In the case of going out to other places, work clothes should be exchanged for street clothes.

The hat or hairnet should cover the hair completely to prevent it from falling on the food. It also helps us not to touch our hair and then touch the food... and both men and women should wear the hat or hairnet.

It is not allowed to carry personal items while handling food, so jewelry, earrings, watches, pendants, bracelets, rings, piercings, etc... will be removed before the start of the working day. This is explained by the fact that objects accumulate dirt that can be transferred to the food, can also fall into the food and reach the final consumer, and can even cause accidents at work due to being hooked up with them while working.

If gloves are needed for work, they should be kept clean and unbroken. Even if you wear gloves, you should also wash your hands before putting them on, and be as careful as if you didn't wear them.

Hygienic habits when handling food

  • Correctly wash food with plenty of water, especially fruits and vegetables, where it is recommended to wash them with specific products when they are to be consumed raw to ensure that bacteria and chemicals used in the growing process are eliminated.
  • Do not leave food at room temperature for more than two hours.
  • Prepare food shortly before eating or freezing.
  • Reheat the plates to high temperature to eliminate possible bacteria.
  • Eat the fish always cooked or after freezing.
  • Eat the minced meat on the same day you buy it.
  • Freeze food by portion to avoid freezing and thawing food several times.
  • Wash knives and cutting boards thoroughly.
  • Do not mix raw food with cooked food in the refrigerator.
  • Do not thaw food at room temperature, it is best to thaw it overnight or the day before in the refrigerator or use the microwave to thaw food.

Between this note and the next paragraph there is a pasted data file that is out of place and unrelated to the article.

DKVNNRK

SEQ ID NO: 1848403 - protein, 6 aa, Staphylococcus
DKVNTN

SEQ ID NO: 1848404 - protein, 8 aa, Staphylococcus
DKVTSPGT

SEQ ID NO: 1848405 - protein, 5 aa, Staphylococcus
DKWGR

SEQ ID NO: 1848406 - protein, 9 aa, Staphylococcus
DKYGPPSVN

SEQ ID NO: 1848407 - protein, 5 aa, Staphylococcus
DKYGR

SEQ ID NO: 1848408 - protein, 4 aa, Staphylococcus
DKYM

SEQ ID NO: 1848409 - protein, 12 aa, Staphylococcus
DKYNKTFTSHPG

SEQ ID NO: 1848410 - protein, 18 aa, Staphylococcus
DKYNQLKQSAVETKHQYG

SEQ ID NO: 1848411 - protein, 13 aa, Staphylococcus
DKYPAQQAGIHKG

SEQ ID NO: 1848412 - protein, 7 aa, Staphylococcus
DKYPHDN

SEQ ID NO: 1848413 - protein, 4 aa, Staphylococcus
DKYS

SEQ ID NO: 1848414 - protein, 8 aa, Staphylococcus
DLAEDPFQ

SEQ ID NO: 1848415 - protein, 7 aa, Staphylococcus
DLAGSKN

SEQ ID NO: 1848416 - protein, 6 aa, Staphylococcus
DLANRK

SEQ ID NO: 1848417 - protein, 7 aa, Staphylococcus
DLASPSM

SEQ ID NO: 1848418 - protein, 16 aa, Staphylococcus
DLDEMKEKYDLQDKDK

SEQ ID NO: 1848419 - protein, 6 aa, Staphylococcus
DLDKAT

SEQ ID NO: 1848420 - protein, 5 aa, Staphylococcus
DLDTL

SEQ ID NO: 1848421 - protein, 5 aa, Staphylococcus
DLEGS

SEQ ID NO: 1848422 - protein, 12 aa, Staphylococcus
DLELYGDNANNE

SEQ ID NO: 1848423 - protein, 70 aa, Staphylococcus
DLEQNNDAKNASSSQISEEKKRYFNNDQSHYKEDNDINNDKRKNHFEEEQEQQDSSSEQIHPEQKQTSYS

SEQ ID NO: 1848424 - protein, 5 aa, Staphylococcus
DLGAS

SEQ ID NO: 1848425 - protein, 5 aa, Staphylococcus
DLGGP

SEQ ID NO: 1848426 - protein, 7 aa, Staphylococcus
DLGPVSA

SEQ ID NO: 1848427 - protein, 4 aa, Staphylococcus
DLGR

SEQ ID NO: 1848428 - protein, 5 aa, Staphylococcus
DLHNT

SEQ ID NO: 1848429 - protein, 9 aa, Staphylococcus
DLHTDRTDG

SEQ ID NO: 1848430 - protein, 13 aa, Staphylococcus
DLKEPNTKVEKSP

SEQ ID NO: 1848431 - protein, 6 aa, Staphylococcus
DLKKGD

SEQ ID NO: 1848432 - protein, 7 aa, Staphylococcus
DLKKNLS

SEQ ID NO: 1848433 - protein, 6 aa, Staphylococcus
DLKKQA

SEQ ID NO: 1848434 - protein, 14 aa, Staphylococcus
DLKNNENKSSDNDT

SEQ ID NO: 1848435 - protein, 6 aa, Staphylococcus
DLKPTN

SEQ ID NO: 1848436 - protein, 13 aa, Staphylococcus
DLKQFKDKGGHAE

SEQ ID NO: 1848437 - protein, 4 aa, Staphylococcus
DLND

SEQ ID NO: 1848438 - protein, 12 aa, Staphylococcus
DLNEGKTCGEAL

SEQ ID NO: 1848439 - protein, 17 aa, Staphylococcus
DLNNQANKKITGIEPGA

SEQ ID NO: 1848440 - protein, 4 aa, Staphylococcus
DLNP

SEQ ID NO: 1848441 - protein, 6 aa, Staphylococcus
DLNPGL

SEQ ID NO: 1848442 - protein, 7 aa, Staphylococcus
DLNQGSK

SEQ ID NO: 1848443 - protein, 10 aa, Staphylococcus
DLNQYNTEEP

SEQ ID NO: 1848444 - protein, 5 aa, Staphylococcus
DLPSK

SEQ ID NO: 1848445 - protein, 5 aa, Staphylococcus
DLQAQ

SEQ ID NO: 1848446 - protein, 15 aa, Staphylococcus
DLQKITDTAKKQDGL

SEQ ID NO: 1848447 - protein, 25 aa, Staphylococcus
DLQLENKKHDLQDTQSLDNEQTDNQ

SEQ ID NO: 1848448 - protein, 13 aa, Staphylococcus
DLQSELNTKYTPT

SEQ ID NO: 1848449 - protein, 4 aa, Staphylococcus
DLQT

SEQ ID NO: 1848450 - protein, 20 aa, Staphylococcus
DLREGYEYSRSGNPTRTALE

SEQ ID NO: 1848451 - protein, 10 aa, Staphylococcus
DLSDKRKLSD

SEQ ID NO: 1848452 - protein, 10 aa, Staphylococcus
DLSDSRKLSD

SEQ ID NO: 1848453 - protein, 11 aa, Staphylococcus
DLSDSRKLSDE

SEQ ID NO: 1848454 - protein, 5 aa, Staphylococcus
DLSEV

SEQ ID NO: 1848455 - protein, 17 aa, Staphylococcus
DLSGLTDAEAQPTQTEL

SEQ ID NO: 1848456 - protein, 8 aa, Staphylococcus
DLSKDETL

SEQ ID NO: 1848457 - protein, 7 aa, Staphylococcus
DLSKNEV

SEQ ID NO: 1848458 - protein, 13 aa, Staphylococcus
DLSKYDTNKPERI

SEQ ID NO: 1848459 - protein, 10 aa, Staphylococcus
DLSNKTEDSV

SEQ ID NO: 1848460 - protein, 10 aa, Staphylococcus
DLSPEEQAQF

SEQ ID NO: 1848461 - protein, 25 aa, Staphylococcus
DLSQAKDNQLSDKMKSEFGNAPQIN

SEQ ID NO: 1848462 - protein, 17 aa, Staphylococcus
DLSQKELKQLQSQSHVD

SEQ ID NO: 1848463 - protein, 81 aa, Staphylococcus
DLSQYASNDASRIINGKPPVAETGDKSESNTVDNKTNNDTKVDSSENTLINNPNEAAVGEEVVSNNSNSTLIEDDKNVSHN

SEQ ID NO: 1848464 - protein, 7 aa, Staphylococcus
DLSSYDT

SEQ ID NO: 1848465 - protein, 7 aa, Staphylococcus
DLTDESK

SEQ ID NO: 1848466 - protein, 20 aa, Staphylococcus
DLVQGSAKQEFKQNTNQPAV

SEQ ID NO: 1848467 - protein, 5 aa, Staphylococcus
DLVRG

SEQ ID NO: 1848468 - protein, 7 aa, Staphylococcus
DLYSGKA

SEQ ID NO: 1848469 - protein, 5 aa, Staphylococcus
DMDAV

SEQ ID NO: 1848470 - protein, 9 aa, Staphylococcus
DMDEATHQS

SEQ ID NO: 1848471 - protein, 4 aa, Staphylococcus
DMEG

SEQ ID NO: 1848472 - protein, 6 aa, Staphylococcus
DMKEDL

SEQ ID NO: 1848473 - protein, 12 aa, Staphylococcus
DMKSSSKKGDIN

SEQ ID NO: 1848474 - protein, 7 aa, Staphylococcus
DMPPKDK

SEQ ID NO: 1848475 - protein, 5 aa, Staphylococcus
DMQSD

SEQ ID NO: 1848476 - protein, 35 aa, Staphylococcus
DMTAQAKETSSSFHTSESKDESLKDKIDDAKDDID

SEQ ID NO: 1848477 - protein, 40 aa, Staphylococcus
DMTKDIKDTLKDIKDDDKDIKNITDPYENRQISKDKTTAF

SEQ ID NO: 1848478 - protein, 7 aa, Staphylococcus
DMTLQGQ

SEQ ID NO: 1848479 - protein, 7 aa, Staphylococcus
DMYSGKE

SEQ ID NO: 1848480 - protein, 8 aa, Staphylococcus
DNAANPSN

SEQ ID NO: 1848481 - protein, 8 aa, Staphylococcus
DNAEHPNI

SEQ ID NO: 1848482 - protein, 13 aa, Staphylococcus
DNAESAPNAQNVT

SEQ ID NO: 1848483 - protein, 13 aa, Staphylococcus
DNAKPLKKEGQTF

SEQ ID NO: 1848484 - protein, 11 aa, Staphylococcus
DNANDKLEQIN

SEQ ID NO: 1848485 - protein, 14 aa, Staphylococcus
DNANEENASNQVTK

The right way to wash your hands

For proper food handling hygiene, one of the most important habits for treating food is proper hand washing. We have a large number of bacteria on our hands, which we can "pass" on to food, so if we wash our hands well and at the right time we will avoid a large number of food-borne diseases.

Wash your hands with hot water and bactericidal soap, rubbing well between your fingers, and with a hand brush clean between your nails. Then we dry with single-use paper and never with air.

Hand washing will be frequent and there are times when it is mandatory to wash your hands:

  • At the beginning of each working day and every time you interrupt work.
  • After handling raw food (to avoid cross-contamination).
  • Before handling cooked food (to avoid cross-contamination).
  • After going to the toilet.
  • After handling garbage or food waste.
  • After using a tissue to cough, sneeze, or blow your nose.
  • After we eat.
  • After charging the customer.
  • After smoking.

Poor food handling practices

In order to guarantee the safety and hygiene of food handling, certain practices must be avoided:

  • Smoking.
  • Chewing gum.
  • Eating at the workplace.
  • Coughing, sneezing, or blowing into food.
  • Touching your hair or scratching.
  • Wear cloths hanging at the waist.
  • Try food with your finger.
  • Introduce dirty spoons of a different food.
  • Clean only with water the utensils used to taste the food.
  • Leave the cloths on the work tables.
  • Leave utensils inside the recipients.
  • Dry hands on apron or pants.
  • Wear bracelets or rings.
  • Wear long, painted or decorated nails.